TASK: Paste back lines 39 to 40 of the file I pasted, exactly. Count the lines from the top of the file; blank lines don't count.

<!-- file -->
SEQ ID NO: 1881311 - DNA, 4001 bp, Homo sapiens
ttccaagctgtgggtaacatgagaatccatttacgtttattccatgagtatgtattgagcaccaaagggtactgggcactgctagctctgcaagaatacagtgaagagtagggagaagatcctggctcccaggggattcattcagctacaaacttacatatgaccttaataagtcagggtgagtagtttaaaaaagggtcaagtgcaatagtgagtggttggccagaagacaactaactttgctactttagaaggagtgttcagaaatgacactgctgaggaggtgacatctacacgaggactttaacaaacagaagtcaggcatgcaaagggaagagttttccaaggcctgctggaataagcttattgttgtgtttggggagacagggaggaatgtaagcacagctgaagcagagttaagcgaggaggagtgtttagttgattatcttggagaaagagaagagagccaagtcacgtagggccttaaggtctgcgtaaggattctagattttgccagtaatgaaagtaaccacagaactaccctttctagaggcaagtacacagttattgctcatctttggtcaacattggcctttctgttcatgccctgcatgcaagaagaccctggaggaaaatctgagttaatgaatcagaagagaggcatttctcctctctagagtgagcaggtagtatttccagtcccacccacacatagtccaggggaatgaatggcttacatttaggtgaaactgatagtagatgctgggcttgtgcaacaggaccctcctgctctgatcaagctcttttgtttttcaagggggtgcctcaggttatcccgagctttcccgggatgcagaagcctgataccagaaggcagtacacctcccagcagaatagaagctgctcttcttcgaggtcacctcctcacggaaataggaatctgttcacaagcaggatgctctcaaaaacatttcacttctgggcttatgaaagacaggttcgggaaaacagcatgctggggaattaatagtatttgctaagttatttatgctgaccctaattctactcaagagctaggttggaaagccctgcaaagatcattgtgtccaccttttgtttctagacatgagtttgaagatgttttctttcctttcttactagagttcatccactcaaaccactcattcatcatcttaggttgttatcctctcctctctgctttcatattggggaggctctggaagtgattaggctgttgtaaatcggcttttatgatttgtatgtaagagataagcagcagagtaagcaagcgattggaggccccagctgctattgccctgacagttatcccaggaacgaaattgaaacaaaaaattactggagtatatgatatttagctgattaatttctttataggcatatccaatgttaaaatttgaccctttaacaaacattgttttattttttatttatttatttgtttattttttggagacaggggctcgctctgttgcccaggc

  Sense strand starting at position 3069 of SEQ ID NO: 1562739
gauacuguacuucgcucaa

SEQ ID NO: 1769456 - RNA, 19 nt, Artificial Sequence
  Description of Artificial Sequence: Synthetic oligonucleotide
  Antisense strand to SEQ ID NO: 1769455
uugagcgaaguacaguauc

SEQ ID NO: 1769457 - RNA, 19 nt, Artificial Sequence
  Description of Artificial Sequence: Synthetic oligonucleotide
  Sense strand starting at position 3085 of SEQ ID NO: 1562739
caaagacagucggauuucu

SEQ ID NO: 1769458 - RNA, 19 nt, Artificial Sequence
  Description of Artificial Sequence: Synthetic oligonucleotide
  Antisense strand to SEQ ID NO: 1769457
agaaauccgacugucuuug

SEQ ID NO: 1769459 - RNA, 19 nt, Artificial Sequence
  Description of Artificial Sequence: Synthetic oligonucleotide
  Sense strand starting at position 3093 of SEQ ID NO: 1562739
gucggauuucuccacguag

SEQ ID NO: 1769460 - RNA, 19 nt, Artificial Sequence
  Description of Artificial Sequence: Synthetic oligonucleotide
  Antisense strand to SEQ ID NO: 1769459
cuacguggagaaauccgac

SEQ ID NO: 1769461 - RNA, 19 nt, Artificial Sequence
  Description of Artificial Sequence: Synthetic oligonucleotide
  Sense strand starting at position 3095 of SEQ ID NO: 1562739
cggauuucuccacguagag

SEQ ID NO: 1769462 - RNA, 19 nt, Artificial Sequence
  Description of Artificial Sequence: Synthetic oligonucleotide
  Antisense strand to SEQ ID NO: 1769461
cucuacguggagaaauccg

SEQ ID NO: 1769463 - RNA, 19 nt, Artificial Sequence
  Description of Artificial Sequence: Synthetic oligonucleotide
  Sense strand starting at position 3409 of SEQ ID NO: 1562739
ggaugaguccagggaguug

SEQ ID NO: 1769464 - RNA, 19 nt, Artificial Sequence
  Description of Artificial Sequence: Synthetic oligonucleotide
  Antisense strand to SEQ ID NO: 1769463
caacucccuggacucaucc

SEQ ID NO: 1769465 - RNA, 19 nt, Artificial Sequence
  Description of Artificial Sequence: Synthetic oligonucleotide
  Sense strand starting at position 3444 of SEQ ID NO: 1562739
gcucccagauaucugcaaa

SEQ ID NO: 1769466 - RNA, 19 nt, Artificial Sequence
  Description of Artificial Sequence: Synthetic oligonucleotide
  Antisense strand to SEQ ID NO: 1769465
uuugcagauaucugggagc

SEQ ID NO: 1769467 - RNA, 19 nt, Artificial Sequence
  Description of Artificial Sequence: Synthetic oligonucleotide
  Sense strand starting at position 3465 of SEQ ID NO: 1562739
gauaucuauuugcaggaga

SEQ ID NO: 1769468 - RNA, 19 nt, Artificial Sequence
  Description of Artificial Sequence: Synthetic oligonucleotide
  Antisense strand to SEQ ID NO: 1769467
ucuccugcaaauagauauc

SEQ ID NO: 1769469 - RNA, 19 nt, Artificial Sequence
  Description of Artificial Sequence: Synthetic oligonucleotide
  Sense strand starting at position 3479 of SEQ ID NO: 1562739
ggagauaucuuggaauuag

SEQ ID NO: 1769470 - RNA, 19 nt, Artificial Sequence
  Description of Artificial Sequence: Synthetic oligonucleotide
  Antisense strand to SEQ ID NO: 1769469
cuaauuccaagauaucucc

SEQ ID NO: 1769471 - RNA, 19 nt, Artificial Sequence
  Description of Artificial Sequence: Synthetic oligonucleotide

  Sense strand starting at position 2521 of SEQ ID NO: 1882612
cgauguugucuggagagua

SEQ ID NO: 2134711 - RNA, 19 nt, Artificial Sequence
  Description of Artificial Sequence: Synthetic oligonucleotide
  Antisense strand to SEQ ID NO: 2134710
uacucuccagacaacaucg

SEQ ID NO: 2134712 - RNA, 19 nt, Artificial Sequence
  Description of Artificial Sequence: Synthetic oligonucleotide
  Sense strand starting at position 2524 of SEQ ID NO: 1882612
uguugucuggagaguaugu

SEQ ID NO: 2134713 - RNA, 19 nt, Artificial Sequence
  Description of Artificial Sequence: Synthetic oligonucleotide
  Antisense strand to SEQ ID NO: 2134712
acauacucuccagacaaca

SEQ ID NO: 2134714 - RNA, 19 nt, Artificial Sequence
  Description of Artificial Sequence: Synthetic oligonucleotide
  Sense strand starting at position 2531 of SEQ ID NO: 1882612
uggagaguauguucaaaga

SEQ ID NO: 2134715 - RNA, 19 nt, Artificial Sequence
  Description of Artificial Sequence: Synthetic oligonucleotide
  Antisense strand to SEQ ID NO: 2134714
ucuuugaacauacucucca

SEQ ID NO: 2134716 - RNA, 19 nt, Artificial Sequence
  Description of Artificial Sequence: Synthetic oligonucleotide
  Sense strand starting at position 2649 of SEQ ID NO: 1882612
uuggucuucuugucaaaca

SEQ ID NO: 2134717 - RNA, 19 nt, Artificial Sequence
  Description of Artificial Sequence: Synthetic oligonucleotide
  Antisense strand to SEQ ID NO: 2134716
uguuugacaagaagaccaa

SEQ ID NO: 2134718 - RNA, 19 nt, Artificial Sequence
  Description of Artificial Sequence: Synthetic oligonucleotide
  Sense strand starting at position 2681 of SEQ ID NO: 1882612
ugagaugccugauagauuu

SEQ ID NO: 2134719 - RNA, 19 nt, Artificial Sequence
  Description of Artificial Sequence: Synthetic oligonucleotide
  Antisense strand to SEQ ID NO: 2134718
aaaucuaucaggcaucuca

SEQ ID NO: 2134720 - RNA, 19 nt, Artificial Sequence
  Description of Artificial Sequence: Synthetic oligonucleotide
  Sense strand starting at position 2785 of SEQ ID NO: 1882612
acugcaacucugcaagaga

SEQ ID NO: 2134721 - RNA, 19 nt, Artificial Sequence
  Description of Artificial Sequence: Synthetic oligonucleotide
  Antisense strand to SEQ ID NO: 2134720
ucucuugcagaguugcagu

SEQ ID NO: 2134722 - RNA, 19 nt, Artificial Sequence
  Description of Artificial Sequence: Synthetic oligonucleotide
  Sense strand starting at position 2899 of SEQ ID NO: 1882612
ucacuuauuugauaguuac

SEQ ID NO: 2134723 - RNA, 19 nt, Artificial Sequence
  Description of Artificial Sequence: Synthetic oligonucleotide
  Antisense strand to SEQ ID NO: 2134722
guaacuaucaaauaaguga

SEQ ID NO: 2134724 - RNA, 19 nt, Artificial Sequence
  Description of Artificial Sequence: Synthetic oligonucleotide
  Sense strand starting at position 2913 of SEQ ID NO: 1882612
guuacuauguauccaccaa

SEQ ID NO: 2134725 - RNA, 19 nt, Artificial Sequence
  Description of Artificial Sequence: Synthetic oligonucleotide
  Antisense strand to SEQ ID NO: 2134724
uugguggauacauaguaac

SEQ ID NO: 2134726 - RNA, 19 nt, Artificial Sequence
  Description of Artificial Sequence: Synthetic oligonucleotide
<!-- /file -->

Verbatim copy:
  Antisense strand to SEQ ID NO: 1769463
caacucccuggacucaucc